The Revd Tony Murphy writes ‘ In 2012 a small group organised an Irish Language Service for St Patricks Day in St Mary’s. To make the service as inclusive as possible translations were made available and the response from those with limited Irish was very positive. After 7 years enjoying the hospitality of Canon Elaine it was decided to make this a Diocesan Wide Service. In 2019 a service was held in Dunmanway and a planned service for 2020 in St Luke’s Douglas was cancelled at the last moment due to the pandemic. Thanks to the hospitality of Canon Elaine a service will be streamed at 10.30AM on Wed 17th March.
This year we are planning on more of a Bilingual Service and , in addition, and to e mail the Order of Service.
As our Patron Saint came from Wales we have asked the Welsh Speaking Rector of Mallow Union to join us for a part of this service. The absence of the usual festivities perhaps offers the opportunity to focus on the Mission of Patrick and how we live out his legacy in our time. We trust that you will be able to join us. From 2.00PM a recording will be available on the Parish You Tube page.’
Random Notes CCCLXXI
Coming into our 12th anniversary, Monkstown Chamber Choir recently returned to zoom choir practice on Thursday evenings. Rather than relying on photocopies, we decided to use the full music black hymn books from St John’s Church.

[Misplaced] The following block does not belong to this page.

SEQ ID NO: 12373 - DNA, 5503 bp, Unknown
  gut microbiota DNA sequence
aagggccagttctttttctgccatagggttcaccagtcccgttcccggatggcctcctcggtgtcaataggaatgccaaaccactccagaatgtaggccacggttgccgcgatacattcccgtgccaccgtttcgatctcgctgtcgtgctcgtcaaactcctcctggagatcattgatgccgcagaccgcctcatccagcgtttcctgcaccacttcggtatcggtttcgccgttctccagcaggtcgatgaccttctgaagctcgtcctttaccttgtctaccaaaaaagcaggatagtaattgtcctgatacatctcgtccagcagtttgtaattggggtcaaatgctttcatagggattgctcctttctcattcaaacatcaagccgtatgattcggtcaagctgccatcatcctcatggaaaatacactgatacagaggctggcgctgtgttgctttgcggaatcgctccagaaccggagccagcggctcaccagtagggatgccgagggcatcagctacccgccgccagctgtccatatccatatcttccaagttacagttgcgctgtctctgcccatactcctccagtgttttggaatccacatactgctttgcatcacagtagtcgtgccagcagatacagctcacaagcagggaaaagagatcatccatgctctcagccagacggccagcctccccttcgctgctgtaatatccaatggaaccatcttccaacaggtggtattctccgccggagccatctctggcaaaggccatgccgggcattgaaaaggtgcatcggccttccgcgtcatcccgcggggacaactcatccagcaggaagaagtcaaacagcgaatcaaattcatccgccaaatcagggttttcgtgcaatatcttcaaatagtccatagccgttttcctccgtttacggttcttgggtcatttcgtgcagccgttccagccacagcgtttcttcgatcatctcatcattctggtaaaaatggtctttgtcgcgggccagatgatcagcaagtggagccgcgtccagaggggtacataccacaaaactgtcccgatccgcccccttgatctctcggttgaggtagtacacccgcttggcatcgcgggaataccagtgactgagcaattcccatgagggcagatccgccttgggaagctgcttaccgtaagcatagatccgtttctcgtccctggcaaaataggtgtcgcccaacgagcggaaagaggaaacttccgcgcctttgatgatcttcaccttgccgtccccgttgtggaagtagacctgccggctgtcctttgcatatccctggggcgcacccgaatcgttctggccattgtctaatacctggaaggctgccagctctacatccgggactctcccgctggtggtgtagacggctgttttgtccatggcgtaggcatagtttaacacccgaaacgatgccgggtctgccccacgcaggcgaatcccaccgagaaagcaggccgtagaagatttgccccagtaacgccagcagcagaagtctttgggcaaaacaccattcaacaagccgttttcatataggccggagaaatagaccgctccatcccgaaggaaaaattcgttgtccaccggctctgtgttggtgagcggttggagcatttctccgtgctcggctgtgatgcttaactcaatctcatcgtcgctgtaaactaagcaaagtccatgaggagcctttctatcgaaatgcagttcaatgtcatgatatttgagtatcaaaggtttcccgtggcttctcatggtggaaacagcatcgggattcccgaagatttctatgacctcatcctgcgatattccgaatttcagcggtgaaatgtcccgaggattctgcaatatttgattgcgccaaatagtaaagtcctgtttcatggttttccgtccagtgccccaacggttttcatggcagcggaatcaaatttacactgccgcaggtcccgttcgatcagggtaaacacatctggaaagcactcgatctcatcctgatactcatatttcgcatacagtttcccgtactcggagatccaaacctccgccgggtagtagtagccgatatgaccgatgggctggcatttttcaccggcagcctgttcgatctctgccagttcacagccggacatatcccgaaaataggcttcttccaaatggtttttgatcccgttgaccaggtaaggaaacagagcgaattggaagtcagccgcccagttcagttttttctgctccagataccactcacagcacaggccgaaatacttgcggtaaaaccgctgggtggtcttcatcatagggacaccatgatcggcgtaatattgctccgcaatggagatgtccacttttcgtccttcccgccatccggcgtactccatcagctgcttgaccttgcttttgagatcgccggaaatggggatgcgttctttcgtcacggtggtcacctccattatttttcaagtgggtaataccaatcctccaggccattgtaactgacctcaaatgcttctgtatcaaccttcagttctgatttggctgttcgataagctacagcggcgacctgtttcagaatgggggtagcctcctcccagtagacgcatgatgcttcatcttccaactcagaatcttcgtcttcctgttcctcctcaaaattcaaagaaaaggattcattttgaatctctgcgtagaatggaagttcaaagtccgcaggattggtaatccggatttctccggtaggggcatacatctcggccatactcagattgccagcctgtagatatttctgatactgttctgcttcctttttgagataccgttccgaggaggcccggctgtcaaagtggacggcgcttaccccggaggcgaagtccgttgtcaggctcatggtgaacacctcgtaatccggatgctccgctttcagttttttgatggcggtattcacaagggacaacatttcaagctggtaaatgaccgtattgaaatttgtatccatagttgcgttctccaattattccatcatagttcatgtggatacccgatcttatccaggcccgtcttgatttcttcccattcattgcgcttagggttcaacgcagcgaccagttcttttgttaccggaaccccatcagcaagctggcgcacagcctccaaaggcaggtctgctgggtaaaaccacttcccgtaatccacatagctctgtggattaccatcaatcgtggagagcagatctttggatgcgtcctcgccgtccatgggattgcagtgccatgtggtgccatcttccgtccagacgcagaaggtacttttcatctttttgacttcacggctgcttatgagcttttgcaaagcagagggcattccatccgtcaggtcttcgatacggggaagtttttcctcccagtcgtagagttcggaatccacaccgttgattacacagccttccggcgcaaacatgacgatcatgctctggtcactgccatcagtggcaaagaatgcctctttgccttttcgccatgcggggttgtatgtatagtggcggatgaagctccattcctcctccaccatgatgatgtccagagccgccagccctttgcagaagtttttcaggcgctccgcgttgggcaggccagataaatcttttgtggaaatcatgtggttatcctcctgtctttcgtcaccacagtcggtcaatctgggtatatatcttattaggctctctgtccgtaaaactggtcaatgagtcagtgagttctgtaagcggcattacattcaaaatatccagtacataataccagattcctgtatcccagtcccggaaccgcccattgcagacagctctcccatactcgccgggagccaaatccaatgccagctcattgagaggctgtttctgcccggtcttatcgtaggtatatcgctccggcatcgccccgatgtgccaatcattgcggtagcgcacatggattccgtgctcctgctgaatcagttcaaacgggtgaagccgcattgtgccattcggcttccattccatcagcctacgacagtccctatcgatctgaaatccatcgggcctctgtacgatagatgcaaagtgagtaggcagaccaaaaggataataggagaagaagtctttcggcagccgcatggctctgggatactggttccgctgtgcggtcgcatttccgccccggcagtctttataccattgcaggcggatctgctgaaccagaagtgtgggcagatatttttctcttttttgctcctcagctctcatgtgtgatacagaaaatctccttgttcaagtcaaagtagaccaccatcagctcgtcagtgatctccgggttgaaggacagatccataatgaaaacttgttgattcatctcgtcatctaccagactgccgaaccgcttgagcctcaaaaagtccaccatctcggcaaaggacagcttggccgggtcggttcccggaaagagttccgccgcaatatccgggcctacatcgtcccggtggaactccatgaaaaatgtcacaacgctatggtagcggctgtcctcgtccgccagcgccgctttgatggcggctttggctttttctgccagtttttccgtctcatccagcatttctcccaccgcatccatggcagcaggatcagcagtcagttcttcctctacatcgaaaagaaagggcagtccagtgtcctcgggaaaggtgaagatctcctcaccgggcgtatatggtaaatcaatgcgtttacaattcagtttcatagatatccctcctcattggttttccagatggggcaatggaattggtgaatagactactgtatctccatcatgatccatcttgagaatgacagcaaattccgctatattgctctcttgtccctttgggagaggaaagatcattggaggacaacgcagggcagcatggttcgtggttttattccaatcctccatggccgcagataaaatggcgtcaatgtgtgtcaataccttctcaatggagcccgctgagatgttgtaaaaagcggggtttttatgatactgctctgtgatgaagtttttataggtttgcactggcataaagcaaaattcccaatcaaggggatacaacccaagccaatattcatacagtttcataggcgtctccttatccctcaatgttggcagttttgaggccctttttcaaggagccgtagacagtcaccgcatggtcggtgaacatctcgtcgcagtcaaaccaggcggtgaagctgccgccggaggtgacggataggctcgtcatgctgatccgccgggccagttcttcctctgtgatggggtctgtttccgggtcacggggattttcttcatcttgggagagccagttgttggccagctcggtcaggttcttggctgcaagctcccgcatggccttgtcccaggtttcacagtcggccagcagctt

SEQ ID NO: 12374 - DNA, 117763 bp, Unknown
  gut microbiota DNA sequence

The inscription in these books reads “Presented by Alicia E W Irwin in memory of A E H Irwin for use in the choir. Dec 1961”.
Alicia Craig played the organ in St John’s and married Alexander Eric Hardcastle Irwin in 1930. His father was Rector at Killanully Church, and Joan Gollock told me that they used to cycle a tandem from Killanully to Monkstown.
A E H Irwin died in 1958. Alicia’s brother, Harry Craig, also played in St John’s, and both have discretely inscribed their initials on to the organ console. Kay and I have kept up this tradition!!
It is wonderful that 60 years on, these full music hymn books are being used by the choir. But I also thought about the completely different world that we live in now. What would the choristers of 1961 have thought about choir practice by looking into a little screen from their own homes?
Most of them probably had a wireless radio, but probably didn’t even have a television. Never mind a ‘phone! And local Roman Catholic’s together with Church of Ireland members forming a stalwart Monkstown Chamber Choir? God forbid!!!
Hymn number 372 (in the red book) simply sums it all up:-
“Through all the changing scenes in life,
In trouble and in joy,
The praises of my God
my heart and tongue employ.”